One issue is the criteria for qualification, he said.
"I think part of the reason is that program was really focused primarily on unemployed borrowers who are struggling," he said. "And because the unemployment rates are now dropping, that is less of a stumbling block for people to make their mortgages than it was when that program started."
And there are other programs that more homeowners have taken advantage of, he said.
Three programs under the Making Home Affordable program, also administered by the Treasury Department, have been more successful than the Hardest Hit Fund, he said.
The Home Affordable Modification Program, for example, helps homeowners get a lower interest rate or their balance reduced, or the term on the loan extended.
Another program called the Home Affordable Refinancing Program helps homeowners refinance their mortgage at a lower interest rate, even if they're "under water," or owe more on the home than its current market value, Blomquist said.
A program called Home Affordable Foreclosure Alternatives offers monetary incentives for short sales, or sale of property at less than what's owed.
"So you have all of these programs being thrown at the foreclosure problem and some of them are sticking more than others," Blomquist said.
The number of properties that potentially could be saved by the Hardest Hit Fund may be lower than it appears, because 35 percent of those listed as in the foreclosure process already have been vacated by the homeowners, he said.
Changing the rules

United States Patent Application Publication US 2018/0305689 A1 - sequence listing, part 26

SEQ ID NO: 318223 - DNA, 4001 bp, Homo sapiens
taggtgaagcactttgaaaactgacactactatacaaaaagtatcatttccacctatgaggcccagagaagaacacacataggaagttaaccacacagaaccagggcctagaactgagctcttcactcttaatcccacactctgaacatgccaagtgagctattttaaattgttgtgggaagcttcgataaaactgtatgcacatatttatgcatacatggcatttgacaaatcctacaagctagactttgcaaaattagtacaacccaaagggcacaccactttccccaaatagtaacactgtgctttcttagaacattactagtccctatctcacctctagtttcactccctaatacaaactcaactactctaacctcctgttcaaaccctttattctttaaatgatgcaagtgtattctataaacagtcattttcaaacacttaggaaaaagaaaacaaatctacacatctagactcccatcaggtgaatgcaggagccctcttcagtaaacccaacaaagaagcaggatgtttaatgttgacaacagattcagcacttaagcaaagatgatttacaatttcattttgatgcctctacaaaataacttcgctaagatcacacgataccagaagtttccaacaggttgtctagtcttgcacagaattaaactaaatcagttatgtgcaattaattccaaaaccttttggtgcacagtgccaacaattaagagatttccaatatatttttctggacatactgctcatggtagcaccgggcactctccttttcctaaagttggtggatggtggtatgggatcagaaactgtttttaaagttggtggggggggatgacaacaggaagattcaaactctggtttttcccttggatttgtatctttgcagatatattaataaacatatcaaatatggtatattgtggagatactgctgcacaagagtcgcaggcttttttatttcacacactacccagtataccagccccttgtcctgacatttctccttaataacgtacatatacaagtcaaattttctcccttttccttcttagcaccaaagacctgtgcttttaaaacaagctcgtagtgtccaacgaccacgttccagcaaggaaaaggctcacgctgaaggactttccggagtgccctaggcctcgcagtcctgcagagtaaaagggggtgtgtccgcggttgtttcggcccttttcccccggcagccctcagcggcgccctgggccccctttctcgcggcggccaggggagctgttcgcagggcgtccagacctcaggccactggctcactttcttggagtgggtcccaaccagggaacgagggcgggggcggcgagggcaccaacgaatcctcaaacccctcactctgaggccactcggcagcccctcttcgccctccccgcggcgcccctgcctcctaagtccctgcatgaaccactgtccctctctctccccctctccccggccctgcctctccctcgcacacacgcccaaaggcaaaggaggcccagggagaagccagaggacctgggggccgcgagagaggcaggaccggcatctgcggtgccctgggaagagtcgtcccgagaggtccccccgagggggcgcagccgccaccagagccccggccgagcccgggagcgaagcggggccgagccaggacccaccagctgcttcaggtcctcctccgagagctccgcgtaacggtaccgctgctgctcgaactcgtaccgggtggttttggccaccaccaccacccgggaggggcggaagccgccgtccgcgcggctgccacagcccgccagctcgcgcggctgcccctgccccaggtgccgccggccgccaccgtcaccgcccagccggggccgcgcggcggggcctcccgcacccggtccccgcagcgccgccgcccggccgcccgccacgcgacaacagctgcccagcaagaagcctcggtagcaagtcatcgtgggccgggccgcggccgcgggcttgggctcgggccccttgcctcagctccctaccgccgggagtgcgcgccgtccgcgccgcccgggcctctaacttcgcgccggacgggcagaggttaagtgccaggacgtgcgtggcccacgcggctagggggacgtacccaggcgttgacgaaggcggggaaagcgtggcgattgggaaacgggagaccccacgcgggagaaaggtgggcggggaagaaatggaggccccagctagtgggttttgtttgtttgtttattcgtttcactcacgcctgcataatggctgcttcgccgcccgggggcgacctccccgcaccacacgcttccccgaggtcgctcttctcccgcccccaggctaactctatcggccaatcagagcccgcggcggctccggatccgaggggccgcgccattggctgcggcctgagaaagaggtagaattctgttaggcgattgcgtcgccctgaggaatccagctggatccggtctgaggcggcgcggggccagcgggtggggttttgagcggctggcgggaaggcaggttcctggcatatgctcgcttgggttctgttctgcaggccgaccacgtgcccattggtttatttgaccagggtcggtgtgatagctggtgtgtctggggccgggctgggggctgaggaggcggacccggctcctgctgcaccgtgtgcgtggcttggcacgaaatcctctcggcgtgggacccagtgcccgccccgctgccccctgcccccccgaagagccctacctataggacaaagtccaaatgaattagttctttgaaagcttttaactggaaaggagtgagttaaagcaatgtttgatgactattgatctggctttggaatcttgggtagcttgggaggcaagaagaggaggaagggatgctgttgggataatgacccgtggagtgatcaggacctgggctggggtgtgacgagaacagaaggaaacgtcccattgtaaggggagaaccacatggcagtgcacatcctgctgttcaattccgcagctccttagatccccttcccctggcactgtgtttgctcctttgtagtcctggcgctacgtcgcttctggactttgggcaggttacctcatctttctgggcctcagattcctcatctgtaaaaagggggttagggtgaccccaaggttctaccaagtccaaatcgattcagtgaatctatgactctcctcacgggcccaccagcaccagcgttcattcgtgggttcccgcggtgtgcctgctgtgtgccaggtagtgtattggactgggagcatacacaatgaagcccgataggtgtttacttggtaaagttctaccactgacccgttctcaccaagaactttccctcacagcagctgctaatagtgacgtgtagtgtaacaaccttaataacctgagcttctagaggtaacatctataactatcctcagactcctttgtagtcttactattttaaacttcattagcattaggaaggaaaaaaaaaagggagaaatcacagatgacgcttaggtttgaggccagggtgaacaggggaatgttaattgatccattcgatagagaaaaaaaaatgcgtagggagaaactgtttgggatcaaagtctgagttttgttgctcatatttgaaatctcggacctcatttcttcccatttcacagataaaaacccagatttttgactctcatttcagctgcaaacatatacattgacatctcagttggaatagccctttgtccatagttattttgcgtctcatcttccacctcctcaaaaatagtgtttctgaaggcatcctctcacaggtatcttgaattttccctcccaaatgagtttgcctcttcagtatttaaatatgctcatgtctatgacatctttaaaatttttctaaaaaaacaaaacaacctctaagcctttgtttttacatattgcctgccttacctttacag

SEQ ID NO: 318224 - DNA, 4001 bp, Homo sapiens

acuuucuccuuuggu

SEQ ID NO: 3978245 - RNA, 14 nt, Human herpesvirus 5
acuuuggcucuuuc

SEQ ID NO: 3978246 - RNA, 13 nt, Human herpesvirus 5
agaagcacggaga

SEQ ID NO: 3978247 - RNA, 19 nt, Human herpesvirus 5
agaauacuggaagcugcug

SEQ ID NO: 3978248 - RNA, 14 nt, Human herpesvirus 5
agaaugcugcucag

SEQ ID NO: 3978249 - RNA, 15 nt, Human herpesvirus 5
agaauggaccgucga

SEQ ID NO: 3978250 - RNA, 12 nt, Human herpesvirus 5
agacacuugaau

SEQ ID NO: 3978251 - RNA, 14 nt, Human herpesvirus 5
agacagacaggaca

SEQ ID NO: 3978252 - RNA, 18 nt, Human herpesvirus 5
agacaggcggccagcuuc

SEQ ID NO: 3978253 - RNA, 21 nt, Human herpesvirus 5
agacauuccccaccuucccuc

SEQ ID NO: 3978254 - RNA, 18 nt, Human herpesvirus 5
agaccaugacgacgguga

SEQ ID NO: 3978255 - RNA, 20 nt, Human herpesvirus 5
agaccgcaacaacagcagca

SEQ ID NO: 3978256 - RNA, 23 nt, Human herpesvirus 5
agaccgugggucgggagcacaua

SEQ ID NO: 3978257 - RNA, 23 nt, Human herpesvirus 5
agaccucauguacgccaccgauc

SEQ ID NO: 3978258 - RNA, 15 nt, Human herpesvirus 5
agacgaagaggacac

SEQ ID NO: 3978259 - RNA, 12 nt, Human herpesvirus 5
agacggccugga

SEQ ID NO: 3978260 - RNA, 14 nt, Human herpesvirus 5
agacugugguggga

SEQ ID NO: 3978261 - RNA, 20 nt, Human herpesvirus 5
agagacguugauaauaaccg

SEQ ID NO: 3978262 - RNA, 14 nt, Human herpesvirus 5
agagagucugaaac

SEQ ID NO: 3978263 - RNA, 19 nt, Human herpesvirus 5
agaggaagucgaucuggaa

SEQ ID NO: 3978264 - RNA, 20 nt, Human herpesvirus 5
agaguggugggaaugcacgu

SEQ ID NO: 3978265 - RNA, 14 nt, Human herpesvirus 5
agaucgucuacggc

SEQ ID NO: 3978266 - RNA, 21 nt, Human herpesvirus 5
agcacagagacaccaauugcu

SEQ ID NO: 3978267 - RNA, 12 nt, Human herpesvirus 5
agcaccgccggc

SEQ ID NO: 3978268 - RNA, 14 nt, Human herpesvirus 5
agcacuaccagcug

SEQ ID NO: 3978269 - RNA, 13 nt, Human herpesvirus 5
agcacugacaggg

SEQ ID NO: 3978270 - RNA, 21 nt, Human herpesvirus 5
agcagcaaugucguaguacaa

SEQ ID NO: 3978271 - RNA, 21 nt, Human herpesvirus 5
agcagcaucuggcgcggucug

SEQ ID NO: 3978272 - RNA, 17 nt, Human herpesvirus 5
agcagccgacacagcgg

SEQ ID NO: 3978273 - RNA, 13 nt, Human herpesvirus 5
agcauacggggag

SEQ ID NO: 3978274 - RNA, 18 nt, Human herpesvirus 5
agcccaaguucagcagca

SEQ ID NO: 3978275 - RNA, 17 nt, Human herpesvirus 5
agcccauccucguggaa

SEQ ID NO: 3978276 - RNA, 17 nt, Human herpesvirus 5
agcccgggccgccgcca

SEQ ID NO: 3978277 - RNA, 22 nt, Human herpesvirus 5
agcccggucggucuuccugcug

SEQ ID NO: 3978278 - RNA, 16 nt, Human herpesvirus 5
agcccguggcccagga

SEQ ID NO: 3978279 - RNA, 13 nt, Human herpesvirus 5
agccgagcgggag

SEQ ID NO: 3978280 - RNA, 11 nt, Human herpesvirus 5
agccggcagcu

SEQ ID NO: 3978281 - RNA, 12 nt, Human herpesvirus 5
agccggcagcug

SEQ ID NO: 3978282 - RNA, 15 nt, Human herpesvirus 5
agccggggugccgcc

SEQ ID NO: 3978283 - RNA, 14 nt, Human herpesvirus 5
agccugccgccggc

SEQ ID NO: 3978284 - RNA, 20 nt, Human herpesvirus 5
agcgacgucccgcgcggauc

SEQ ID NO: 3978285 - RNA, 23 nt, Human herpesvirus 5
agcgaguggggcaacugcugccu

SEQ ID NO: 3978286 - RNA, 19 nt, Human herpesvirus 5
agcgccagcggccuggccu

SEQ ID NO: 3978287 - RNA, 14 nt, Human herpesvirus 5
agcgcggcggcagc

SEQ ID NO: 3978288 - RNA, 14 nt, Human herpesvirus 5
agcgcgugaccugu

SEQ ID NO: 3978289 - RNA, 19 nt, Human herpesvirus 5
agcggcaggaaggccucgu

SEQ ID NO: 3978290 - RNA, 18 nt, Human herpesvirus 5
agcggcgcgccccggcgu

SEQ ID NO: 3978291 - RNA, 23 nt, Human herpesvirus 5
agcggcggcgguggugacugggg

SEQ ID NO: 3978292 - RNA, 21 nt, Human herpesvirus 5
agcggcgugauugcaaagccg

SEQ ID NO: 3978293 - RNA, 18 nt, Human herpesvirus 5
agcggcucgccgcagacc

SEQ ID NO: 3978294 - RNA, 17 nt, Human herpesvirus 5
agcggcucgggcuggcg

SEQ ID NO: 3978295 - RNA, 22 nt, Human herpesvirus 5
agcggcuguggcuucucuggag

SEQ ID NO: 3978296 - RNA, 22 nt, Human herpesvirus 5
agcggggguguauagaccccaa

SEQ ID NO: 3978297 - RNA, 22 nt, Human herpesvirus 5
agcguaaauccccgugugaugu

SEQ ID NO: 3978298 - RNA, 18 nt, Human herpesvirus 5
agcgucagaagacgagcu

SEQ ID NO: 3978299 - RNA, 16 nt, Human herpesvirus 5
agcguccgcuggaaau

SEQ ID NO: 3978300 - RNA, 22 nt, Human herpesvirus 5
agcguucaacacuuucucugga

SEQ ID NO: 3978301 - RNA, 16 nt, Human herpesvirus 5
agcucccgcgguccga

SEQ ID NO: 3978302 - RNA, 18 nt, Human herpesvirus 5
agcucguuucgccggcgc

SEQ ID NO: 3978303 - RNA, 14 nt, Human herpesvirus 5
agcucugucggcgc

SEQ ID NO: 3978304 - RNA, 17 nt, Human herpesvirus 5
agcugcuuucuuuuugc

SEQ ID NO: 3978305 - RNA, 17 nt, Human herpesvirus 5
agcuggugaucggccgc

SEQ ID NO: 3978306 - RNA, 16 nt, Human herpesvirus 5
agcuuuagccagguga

SC Help has tried to get more homeowners on board by easing the requirements for eligibility and increasing the level of available assistance three times, according to Ingram.
"As the program has evolved, we have gone to Treasury to seek authorization to make the necessary changes," Ingram said. "Whenever a change is made that expanded assistance to people to who assistance was previously denied, every effort was made to go back through the applications and try to reach those homeowners."
The program initially focused on unemployed people but has been expanded to include under-employed people and self-employed people who can show they lost income due to the downturn of the economy.
Also the death of a spouse, divorce and catastrophic health expenses have been included among the criteria under which homeowners can qualify for assistance. "Really any number of things that were out of the control of the homeowner," he said.
"We weren't looking to help people who had just made bad budgeting decisions or taken out money of their home for unrelated expenses," Ingram said. "There had to be a demonstrable hardship and it had to be something that was pretty much out of the homeowner's control."
The program offers monthly payment assistance, in which the agency makes mortgage payments directly to the bank, for up to 24 months and up to $36,000.
For applicants who have fallen behind in their payments, the agency can make back payments of up to $25,000 per applicant.
The money for those programs is handled as a loan, but it will be forgiven at a rate of 20 percent per year that the homeowner stays in the property, zeroing out after five years, Ingram said.
If the home can't be saved from foreclosure, a grant of up to $5,000 can be awarded to help a homeowner make the transition to other housing, he said.